PANEL 7: Revisiting the Role of Non-State Actors in International Relations

Chair and Discussant: Dr. Anderson V. Villa (Ateneo de Davao University)
– Associate Professor, International Studies department
Panel’s abstract: This panel seeks to revisit the specific roles played as well as the impact of non-state actors in international relations. Through the individual level of analysis, Imelda Marcos’ role in Philippine foreign relations during his husband’s presidency illustrate how individuals could transcend the limitations set by the structure. In the societal level of analysis, religions also transcend the limits set by a state-centric international system. The Soka Gakkai and Tzu Chi are Buddhist organizations that have promoted principles akin to what the English School calls World Society. Still non-state actors like NGOs are being utilized by state agents to further their national interest. This was seen in how the USAID utilized Philippine NGOs to further American interest and values in the country.

7.1 The Transformation of the Role of a First Lady
Kristine E. Corpuz, Yasmine B. Stones, and Alexandra Cates Erika B. Suyo (Ateneo de Davao University)
– Advanced undergraduate students, International Studies department
Abstract: Imelda Marcos, beyond her extravagant lifestyle, has contributions to Philippine foreign relations that are unknown and ignored. This study aimed to discover how Imelda changed the role of a first lady and what she did for Philippine foreign relations. Both primary and secondary sources were utilized in the data gathering process. Using Anthony Gidden’s Structuration theory it was found that Imelda transformed the role in two ways: by politicizing the role and by enriching it with diplomatic activities. The transformation of the role started through its politicization. This was brought about by the inherent political nature of the agent that came to be after Imelda was molded by her husband, Ferdinand Marcos. The coming of a politically aware actor into the traditionally apolitical role of a first lady changed the structure of Philippine politics in ways that allowed the inclusion of political practices. This in turn helped pave the way for Imelda’s diplomatic duties. The politicization intersected with the Dovie Beams scandal and the increasing domestic unrest in the Philippines. These events ironically gave Imelda the chance to involve herself in diplomatic missions. Her trips all over the world included the opening of PH-USSR and PH-China relations. She was also part of the negotiations for the Tripoli agreement. These three events contributed greatly to the advancement of Philippine foreign relations and to the further transformations & enrichment of the role of a first lady in the structure of Philippine politics.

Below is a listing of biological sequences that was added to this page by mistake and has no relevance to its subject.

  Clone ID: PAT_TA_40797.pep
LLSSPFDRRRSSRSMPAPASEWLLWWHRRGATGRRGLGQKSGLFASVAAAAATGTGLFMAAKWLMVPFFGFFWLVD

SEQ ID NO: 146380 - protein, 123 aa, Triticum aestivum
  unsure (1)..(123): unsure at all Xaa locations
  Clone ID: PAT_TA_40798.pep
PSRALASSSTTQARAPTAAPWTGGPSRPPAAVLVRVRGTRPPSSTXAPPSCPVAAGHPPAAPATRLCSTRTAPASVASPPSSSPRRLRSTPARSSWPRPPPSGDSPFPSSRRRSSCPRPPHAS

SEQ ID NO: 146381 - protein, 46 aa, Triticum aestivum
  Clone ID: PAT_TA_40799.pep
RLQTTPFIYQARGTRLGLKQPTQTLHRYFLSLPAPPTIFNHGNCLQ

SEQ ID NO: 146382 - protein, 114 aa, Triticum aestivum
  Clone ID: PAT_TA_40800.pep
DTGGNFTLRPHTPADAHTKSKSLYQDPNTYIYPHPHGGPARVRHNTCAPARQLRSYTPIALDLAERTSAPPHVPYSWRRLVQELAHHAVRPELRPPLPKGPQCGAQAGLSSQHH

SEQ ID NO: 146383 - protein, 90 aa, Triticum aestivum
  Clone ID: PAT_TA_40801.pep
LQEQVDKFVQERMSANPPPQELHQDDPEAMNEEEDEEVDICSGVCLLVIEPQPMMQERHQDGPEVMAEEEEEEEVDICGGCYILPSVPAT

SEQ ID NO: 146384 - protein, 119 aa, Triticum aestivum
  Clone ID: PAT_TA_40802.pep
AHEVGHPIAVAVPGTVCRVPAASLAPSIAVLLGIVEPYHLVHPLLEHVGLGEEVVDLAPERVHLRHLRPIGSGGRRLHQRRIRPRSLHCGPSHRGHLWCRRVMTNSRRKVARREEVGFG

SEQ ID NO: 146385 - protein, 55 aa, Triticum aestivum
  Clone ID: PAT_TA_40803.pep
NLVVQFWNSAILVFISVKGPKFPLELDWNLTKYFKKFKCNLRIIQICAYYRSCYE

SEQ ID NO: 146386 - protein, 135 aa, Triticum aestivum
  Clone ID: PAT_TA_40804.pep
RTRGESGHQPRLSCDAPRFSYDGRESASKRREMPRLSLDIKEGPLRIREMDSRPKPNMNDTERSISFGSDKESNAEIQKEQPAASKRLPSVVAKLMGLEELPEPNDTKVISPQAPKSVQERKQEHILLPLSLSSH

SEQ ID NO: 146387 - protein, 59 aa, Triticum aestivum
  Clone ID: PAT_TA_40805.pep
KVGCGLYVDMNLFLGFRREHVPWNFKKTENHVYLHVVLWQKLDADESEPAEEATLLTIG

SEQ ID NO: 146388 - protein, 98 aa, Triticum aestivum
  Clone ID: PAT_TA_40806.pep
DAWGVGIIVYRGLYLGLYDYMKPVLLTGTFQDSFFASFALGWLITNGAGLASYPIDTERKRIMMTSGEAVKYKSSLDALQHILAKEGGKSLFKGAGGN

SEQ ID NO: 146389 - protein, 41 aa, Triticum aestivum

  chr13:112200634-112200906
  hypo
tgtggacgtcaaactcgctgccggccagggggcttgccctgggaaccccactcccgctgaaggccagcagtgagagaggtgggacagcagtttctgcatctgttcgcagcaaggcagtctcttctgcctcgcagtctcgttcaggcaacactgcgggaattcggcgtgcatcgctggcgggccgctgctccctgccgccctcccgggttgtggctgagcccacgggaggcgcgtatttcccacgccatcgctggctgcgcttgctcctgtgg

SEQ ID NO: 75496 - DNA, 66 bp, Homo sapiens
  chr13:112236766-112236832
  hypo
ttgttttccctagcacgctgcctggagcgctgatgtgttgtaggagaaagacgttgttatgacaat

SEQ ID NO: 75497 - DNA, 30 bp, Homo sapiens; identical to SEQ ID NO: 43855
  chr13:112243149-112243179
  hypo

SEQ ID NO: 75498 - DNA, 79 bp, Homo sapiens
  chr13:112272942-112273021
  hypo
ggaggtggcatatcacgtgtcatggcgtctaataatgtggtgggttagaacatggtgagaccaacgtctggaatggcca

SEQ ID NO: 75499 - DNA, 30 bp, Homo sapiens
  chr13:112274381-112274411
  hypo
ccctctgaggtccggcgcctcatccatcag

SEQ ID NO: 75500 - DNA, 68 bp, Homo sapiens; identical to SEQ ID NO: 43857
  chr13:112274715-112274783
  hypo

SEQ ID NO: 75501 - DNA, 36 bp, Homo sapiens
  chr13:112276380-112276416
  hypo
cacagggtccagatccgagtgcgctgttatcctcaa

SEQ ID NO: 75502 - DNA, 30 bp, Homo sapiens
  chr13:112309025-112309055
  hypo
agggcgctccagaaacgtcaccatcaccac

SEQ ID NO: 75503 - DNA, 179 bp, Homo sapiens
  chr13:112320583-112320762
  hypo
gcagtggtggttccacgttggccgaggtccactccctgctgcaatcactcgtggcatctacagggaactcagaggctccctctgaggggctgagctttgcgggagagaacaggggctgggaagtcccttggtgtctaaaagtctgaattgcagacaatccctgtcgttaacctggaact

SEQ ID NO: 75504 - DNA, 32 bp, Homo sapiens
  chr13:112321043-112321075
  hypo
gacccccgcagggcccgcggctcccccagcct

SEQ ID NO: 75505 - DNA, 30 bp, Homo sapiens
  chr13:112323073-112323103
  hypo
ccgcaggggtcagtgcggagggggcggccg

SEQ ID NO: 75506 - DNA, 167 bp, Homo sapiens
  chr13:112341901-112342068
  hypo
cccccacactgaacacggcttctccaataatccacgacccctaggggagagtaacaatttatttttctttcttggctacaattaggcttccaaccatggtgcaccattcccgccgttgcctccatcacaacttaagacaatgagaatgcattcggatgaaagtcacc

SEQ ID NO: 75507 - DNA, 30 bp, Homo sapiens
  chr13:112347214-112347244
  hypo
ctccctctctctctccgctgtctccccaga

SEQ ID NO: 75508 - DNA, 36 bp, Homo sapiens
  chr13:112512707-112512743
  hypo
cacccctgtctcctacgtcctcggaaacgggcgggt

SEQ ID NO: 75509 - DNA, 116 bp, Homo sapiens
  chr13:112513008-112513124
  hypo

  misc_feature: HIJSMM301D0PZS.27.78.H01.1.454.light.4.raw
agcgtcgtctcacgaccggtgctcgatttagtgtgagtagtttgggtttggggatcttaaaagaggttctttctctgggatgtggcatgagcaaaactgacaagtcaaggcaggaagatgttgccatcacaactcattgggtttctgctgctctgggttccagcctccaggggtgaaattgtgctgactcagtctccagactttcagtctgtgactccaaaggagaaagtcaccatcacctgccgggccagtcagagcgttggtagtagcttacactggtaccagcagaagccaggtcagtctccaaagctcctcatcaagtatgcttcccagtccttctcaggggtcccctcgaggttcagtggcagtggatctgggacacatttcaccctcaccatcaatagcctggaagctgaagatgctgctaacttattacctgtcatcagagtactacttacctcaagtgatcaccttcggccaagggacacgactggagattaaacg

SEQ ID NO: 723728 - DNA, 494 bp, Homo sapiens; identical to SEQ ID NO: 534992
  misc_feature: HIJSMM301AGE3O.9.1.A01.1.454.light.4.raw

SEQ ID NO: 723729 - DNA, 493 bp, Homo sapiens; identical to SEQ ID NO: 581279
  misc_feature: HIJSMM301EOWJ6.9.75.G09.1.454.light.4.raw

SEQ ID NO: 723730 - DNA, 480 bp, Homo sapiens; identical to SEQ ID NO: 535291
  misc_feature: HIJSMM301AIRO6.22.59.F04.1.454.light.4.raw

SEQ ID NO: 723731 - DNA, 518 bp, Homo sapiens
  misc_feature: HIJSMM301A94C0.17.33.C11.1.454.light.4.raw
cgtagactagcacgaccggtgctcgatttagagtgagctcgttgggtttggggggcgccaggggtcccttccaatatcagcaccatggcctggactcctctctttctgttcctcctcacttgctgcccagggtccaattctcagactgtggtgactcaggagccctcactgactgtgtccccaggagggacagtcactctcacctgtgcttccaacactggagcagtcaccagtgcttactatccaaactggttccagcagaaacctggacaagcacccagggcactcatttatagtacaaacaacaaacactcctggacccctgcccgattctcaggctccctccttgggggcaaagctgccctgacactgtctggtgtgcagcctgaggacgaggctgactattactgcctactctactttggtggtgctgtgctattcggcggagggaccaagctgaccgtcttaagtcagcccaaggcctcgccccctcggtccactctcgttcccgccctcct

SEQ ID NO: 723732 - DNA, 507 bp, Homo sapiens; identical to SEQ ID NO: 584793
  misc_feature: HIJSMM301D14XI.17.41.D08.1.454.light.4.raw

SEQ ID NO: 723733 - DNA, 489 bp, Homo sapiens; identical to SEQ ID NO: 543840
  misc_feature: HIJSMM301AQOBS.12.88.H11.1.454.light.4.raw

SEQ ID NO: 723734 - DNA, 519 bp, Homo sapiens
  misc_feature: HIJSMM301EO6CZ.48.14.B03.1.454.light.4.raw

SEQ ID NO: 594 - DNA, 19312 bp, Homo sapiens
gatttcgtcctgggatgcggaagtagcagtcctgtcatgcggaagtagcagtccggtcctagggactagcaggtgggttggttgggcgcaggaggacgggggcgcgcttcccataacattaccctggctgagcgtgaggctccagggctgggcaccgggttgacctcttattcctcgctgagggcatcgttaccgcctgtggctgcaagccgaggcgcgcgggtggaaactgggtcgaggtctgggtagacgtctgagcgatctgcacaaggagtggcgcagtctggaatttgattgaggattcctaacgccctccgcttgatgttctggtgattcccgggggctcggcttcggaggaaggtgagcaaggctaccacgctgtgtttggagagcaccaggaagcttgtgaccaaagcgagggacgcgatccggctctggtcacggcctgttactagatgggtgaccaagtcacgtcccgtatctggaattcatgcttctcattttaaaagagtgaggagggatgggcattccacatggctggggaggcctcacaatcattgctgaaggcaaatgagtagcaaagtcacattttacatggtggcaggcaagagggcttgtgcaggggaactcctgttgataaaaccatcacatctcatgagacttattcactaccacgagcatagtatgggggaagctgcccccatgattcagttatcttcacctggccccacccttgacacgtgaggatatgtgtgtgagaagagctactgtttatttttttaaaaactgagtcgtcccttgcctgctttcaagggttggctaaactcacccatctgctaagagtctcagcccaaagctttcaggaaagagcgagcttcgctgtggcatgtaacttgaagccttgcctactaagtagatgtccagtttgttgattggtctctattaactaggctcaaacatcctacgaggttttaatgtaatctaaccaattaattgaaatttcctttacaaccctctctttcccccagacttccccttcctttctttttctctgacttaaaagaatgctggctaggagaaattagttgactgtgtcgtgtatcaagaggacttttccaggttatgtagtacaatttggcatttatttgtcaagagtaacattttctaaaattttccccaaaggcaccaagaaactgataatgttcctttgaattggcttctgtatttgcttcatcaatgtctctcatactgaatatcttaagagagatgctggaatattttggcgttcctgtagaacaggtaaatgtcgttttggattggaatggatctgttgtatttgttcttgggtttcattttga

7.2 The World Society Conceptions of Buddhist Transnational Actors in the Philippines: The Case of Soka Gakkai International and Tzu Chi Foundation
Chrismae Babia, Reinalyn Abrigoso, Christlyn Faith Gujol, and Margarita Yu (Ateneo de Davao University)
– Advanced undergraduate students, International Studies department